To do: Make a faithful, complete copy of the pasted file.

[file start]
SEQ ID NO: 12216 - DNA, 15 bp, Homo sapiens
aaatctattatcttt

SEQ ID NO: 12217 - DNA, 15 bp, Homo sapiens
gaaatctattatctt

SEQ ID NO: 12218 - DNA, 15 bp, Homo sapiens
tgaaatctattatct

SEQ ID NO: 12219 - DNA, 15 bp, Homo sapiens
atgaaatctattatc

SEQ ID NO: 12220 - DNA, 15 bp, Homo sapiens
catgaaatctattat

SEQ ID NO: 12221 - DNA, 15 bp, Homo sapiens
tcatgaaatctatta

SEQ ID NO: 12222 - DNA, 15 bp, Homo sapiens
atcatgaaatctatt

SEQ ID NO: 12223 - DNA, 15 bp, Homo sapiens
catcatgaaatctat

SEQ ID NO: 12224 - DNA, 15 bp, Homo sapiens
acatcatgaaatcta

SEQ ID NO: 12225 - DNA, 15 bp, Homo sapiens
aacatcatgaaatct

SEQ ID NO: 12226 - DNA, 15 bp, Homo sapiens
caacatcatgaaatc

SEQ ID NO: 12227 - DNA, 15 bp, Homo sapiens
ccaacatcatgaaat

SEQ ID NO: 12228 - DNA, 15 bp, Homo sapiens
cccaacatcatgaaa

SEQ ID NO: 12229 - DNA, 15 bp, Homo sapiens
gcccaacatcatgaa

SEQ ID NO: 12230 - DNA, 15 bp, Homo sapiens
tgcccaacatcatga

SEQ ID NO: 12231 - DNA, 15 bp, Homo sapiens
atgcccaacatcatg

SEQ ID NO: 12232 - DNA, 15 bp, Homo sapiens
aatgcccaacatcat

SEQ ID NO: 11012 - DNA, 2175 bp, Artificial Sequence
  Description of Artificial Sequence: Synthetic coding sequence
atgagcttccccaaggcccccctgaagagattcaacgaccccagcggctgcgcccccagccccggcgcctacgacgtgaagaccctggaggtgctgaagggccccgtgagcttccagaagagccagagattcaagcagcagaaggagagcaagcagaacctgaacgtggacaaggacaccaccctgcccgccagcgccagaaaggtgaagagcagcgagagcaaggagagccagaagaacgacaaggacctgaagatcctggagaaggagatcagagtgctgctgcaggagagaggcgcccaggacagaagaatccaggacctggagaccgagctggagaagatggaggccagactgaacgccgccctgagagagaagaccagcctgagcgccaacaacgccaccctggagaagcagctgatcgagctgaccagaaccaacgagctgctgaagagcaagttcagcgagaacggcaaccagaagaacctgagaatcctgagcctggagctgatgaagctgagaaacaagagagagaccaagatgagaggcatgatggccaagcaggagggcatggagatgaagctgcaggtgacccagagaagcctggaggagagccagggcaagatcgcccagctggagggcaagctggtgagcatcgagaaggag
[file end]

SEQ ID NO: 12216 - DNA, 15 bp, Homo sapiens
aaatctattatcttt

SEQ ID NO: 12217 - DNA, 15 bp, Homo sapiens
gaaatctattatctt

SEQ ID NO: 12218 - DNA, 15 bp, Homo sapiens
tgaaatctattatct

SEQ ID NO: 12219 - DNA, 15 bp, Homo sapiens
atgaaatctattatc

SEQ ID NO: 12220 - DNA, 15 bp, Homo sapiens
catgaaatctattat

SEQ ID NO: 12221 - DNA, 15 bp, Homo sapiens
tcatgaaatctatta

SEQ ID NO: 12222 - DNA, 15 bp, Homo sapiens
atcatgaaatctatt

SEQ ID NO: 12223 - DNA, 15 bp, Homo sapiens
catcatgaaatctat

SEQ ID NO: 12224 - DNA, 15 bp, Homo sapiens
acatcatgaaatcta

SEQ ID NO: 12225 - DNA, 15 bp, Homo sapiens
aacatcatgaaatct

SEQ ID NO: 12226 - DNA, 15 bp, Homo sapiens
caacatcatgaaatc

SEQ ID NO: 12227 - DNA, 15 bp, Homo sapiens
ccaacatcatgaaat

SEQ ID NO: 12228 - DNA, 15 bp, Homo sapiens
cccaacatcatgaaa

SEQ ID NO: 12229 - DNA, 15 bp, Homo sapiens
gcccaacatcatgaa

SEQ ID NO: 12230 - DNA, 15 bp, Homo sapiens
tgcccaacatcatga

SEQ ID NO: 12231 - DNA, 15 bp, Homo sapiens
atgcccaacatcatg

SEQ ID NO: 12232 - DNA, 15 bp, Homo sapiens
aatgcccaacatcat

SEQ ID NO: 11012 - DNA, 2175 bp, Artificial Sequence
  Description of Artificial Sequence: Synthetic coding sequence
atgagcttccccaaggcccccctgaagagattcaacgaccccagcggctgcgcccccagccccggcgcctacgacgtgaagaccctggaggtgctgaagggccccgtgagcttccagaagagccagagattcaagcagcagaaggagagcaagcagaacctgaacgtggacaaggacaccaccctgcccgccagcgccagaaaggtgaagagcagcgagagcaaggagagccagaagaacgacaaggacctgaagatcctggagaaggagatcagagtgctgctgcaggagagaggcgcccaggacagaagaatccaggacctggagaccgagctggagaagatggaggccagactgaacgccgccctgagagagaagaccagcctgagcgccaacaacgccaccctggagaagcagctgatcgagctgaccagaaccaacgagctgctgaagagcaagttcagcgagaacggcaaccagaagaacctgagaatcctgagcctggagctgatgaagctgagaaacaagagagagaccaagatgagaggcatgatggccaagcaggagggcatggagatgaagctgcaggtgacccagagaagcctggaggagagccagggcaagatcgcccagctggagggcaagctggtgagcatcgagaaggag